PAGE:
Dear Dr. Egenter,
I read your book review with interest. Both it, and the book by Wilson seem very eloquent and engaging pieces of anthropological discourse. Or may be I should have said, architectural anthropology, if such a term makes sense and is accepted with in the interested community.
I noticed in your review the term "phenomenology," e.g. "Habitat anthropology - a phenomenological approach to culture." Reading the text, I could not understand how to interpret this approach. Do you mean "phenomenological" in the tradition of Husserl and Heidegger, implying the understanding of the world through experience and reflection, emphasizing the perceptual bases of knowledge? Or you construe the the term "phenomenological approach" as an analytical tool applied to empirical observations (the term observations is used in this case in a very broad sense).
School of Architecture
University of Wisconsin-Milwaukee
Dear Lubomir Popov,
thank you for your positive reply to my bookreview on Wilson's 'The Domestication of the Human Species'. Your letter raises some interesting questions which I try to answer in the following.
I know that the term "architectural anthropology" is an inconvenient, or non-conventional, even provoking term. It may be rejected by many who define architecture in the conventional sense as based on 'high' aesthetic standards. I have written about this, tried to justify this term, particularly mentioning that it questions present "theories of architecture" as based merely on subjective (or collective) value standards, producing approximately 100 "theories of architecture" today (Jencks). Of course, this is - scientifically - not tolerable. I also claimed that "architecture" taken in the objective sense, including building, can be taken like "zoon" in zoology, thus indicating the potential to develop a scientific branch of architecture: architecturology, or "architectural anthropology". It seems that there is a growing interest in this wider term a) because it allows a scientifically reliable consideration of architecture (including building) and b) because it allows to build a bridge to anthropology which can provide a much wider view, not just on architecture, but on the (evolutionary) relation between architecture and man. This "empirical" component suggested by anthropology as science brings us close to the term "phenomenology".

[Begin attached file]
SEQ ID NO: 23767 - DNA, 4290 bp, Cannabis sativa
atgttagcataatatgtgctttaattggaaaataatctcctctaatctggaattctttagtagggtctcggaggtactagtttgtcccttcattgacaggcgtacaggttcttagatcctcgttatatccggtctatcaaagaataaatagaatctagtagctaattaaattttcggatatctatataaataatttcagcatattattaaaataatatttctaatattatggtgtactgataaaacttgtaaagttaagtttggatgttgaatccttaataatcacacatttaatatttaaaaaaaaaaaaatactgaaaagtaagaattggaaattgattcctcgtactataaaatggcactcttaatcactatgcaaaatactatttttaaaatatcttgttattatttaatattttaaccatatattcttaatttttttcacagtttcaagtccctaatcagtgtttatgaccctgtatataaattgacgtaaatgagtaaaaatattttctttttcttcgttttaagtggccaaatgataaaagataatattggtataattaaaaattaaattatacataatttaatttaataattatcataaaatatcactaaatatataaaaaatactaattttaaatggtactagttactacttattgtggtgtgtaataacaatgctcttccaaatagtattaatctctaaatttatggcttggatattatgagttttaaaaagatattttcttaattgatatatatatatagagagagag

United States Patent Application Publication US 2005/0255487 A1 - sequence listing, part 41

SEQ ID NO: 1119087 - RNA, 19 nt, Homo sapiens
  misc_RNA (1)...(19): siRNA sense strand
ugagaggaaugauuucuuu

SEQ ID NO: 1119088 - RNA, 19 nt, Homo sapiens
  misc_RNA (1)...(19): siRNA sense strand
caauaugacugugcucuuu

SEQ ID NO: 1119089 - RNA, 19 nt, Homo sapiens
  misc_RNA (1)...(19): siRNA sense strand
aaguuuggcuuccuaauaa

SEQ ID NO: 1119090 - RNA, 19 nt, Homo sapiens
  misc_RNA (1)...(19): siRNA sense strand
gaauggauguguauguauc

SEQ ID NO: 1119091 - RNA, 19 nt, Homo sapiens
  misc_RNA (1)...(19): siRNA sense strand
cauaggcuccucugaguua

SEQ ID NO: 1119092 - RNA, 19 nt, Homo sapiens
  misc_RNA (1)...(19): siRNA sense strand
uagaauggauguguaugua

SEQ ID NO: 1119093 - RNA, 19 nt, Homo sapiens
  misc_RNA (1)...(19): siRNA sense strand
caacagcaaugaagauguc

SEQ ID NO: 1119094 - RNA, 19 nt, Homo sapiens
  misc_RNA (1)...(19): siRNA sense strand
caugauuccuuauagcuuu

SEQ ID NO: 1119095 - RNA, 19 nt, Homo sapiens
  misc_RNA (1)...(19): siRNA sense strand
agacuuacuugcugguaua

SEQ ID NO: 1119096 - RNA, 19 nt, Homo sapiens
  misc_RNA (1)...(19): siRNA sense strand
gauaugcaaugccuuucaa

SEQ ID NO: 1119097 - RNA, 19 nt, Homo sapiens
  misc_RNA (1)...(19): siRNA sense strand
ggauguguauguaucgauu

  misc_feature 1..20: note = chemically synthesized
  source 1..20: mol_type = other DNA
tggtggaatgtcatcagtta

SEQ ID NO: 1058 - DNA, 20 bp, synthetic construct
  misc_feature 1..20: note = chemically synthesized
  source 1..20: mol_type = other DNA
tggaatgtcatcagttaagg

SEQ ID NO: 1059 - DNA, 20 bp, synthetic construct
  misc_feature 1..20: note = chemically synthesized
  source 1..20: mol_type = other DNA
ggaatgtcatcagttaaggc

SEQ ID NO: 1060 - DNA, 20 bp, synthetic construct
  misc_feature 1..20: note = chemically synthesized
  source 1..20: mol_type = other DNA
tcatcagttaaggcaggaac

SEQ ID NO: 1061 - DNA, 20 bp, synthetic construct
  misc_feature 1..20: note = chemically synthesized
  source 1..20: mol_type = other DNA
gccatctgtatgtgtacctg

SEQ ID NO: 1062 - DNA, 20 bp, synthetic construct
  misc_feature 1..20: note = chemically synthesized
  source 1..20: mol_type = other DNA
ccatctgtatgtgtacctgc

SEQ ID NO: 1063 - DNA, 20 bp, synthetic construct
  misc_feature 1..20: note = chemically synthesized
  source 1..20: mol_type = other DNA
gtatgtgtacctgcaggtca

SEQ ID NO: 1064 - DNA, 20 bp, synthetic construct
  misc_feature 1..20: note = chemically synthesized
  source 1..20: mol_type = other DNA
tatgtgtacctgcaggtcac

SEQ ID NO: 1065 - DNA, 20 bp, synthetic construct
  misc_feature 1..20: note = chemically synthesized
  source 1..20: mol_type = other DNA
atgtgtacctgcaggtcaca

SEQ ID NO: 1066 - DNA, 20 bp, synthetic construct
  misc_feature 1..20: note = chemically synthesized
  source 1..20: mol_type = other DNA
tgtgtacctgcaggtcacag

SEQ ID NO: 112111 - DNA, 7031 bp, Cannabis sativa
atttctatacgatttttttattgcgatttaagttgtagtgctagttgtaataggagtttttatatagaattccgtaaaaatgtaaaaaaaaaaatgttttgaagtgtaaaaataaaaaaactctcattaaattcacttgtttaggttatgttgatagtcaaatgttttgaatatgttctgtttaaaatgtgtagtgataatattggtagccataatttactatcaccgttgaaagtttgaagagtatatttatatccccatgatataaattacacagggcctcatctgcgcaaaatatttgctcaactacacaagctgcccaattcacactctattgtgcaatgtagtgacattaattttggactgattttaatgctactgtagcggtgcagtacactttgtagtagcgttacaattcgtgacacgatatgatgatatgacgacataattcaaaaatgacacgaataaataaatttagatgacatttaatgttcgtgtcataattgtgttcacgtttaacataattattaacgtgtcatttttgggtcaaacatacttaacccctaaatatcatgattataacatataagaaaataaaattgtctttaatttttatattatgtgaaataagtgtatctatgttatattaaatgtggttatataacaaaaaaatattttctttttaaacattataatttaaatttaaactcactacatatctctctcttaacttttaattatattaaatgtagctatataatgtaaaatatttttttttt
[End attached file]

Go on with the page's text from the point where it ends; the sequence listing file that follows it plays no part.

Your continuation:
I am basically following O. F. Bollnow's phenomenological approach to space. On one hand Bollnow is clearly in the tradition of Husserl and Heidegger. But, Bollnow made an enormous step within the phenomenological school. In my opinion, Husserl, and to some extent also Heidegger, were still strongly involved in conventional logics as a method and as thematical focus (Husserl against prevalent psychologisms around the turning period of the 19th and 20th century). Like Husserl and Heidegger, Bollnow is strongly related to language, particularly German, its literature and its etymologies, but he brings in three new *systematic parameters*, thus transcending the phenomenological method: 1) evolution of space per/conception, 2) human space is not void, but is intimately interwoven with the empirically objective (domesticated/ nondomesticated environment) and 3) the topic 'man and space' transcends Eurocentric logics, it is a cross-cultural, an anthropological question. These three "monumental" insights provided by Bollnow question conventional humanities fundamentally in some respects and allow new reconstructions of evolutionary processes of culture related to architecture and habitat in the anthropological framework. Point 1) questions the humanities fundamentally in regard to (spatial) retroprojections. Point 2) supports a new definition of architecture (-> "subhuman architecture"; "semantic architecture") and thus favours the anthropological approach suggested in 3).
The empirical paradigm has another important aspect. It implies an infra-logical element of cognition: categories. Bollnow has suggested this clearly with the organisation of his whole book into polarly contradictive units. Bollnow's phenomenology of space thus unveils an immanent order of human space. It is structured into contradictive categories which form unities. This can be taken as a full fledged cognitive system which could not be discovered by conventional logical or analytical reasoning, because it was/is absolutely incompatible to analytical logics (-> disaster scenario in our website). That this immanent spatial order carries whole world-views along its axially polar structures was clearly shown by Mircea Eliade (axis mundi relating heaven and earth) for evolved historical societies. Bollnow may provide the phenomenological concept to interprete Eliade anthropologically. Research into the human settlement or habitat gains central importance.
In this sense I understand "phenomenology" definitely in Bollnow's sense (in both ways you mentioned). Paired with its empirical component it can 1) research material culture objectively and scientifically exact, or architecture (in the sense of zoon) or settlement-patterns, 2) reflect on each 'object' "phenomenologically" in the widest cultural context, and 3) reconstruct culture in new ways, as, for instance, described by P. Wilson in his book: as an "architectural [and spatial] revolution".
P.S. I would, however, not really consider Wilson as a "phenomenologist". He uses the conventional discursive method related to defined topics. He does not deal with his 'objects' in the framework of phenomenological reflections. His factual understandings of a house are rather literary.